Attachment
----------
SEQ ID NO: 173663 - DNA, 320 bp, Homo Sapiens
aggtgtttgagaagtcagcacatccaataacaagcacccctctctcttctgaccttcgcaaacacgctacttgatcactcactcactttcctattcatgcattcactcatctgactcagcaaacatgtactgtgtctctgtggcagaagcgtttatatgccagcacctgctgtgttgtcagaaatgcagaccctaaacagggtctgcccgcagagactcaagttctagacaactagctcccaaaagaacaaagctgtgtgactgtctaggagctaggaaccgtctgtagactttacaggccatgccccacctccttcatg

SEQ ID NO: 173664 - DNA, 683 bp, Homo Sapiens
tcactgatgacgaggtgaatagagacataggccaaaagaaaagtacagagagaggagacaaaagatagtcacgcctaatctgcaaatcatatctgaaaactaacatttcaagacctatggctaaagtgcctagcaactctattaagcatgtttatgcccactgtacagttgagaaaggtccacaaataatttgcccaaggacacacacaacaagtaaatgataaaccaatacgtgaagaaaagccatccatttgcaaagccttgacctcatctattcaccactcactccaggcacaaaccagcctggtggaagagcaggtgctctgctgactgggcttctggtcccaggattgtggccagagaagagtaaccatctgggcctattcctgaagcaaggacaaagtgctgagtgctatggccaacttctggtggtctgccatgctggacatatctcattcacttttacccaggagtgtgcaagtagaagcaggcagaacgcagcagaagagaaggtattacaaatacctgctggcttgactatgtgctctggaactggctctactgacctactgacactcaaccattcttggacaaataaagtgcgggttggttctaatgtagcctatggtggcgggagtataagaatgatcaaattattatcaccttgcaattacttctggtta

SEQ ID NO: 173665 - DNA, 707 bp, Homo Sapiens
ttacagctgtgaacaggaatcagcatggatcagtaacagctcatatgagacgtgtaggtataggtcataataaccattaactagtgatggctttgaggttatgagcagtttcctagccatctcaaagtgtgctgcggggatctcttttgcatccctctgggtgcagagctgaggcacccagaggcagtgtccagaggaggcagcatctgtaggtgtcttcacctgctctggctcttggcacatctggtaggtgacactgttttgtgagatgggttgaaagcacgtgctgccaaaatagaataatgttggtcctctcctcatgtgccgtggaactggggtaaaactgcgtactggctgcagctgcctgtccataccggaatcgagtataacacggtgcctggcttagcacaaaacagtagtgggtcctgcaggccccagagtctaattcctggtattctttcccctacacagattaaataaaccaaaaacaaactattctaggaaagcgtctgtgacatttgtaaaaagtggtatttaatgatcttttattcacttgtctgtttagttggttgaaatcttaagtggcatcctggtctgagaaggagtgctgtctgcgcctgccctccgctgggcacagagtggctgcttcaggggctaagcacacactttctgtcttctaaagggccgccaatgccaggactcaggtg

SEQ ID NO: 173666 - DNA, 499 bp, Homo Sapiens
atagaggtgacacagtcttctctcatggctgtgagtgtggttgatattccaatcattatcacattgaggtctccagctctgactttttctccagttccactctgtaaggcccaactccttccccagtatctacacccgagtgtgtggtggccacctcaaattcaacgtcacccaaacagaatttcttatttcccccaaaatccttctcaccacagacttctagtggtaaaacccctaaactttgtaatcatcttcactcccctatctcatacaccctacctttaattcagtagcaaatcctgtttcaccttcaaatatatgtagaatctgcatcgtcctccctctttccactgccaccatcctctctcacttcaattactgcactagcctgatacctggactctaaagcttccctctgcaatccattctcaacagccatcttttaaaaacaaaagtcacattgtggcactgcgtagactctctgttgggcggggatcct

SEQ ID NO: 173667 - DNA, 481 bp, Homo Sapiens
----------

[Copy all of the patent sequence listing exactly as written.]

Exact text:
SEQ ID NO: 173663 - DNA, 320 bp, Homo Sapiens
aggtgtttgagaagtcagcacatccaataacaagcacccctctctcttctgaccttcgcaaacacgctacttgatcactcactcactttcctattcatgcattcactcatctgactcagcaaacatgtactgtgtctctgtggcagaagcgtttatatgccagcacctgctgtgttgtcagaaatgcagaccctaaacagggtctgcccgcagagactcaagttctagacaactagctcccaaaagaacaaagctgtgtgactgtctaggagctaggaaccgtctgtagactttacaggccatgccccacctccttcatg

SEQ ID NO: 173664 - DNA, 683 bp, Homo Sapiens
tcactgatgacgaggtgaatagagacataggccaaaagaaaagtacagagagaggagacaaaagatagtcacgcctaatctgcaaatcatatctgaaaactaacatttcaagacctatggctaaagtgcctagcaactctattaagcatgtttatgcccactgtacagttgagaaaggtccacaaataatttgcccaaggacacacacaacaagtaaatgataaaccaatacgtgaagaaaagccatccatttgcaaagccttgacctcatctattcaccactcactccaggcacaaaccagcctggtggaagagcaggtgctctgctgactgggcttctggtcccaggattgtggccagagaagagtaaccatctgggcctattcctgaagcaaggacaaagtgctgagtgctatggccaacttctggtggtctgccatgctggacatatctcattcacttttacccaggagtgtgcaagtagaagcaggcagaacgcagcagaagagaaggtattacaaatacctgctggcttgactatgtgctctggaactggctctactgacctactgacactcaaccattcttggacaaataaagtgcgggttggttctaatgtagcctatggtggcgggagtataagaatgatcaaattattatcaccttgcaattacttctggtta

SEQ ID NO: 173665 - DNA, 707 bp, Homo Sapiens
ttacagctgtgaacaggaatcagcatggatcagtaacagctcatatgagacgtgtaggtataggtcataataaccattaactagtgatggctttgaggttatgagcagtttcctagccatctcaaagtgtgctgcggggatctcttttgcatccctctgggtgcagagctgaggcacccagaggcagtgtccagaggaggcagcatctgtaggtgtcttcacctgctctggctcttggcacatctggtaggtgacactgttttgtgagatgggttgaaagcacgtgctgccaaaatagaataatgttggtcctctcctcatgtgccgtggaactggggtaaaactgcgtactggctgcagctgcctgtccataccggaatcgagtataacacggtgcctggcttagcacaaaacagtagtgggtcctgcaggccccagagtctaattcctggtattctttcccctacacagattaaataaaccaaaaacaaactattctaggaaagcgtctgtgacatttgtaaaaagtggtatttaatgatcttttattcacttgtctgtttagttggttgaaatcttaagtggcatcctggtctgagaaggagtgctgtctgcgcctgccctccgctgggcacagagtggctgcttcaggggctaagcacacactttctgtcttctaaagggccgccaatgccaggactcaggtg

SEQ ID NO: 173666 - DNA, 499 bp, Homo Sapiens
atagaggtgacacagtcttctctcatggctgtgagtgtggttgatattccaatcattatcacattgaggtctccagctctgactttttctccagttccactctgtaaggcccaactccttccccagtatctacacccgagtgtgtggtggccacctcaaattcaacgtcacccaaacagaatttcttatttcccccaaaatccttctcaccacagacttctagtggtaaaacccctaaactttgtaatcatcttcactcccctatctcatacaccctacctttaattcagtagcaaatcctgtttcaccttcaaatatatgtagaatctgcatcgtcctccctctttccactgccaccatcctctctcacttcaattactgcactagcctgatacctggactctaaagcttccctctgcaatccattctcaacagccatcttttaaaaacaaaagtcacattgtggcactgcgtagactctctgttgggcggggatcct

SEQ ID NO: 173667 - DNA, 481 bp, Homo Sapiens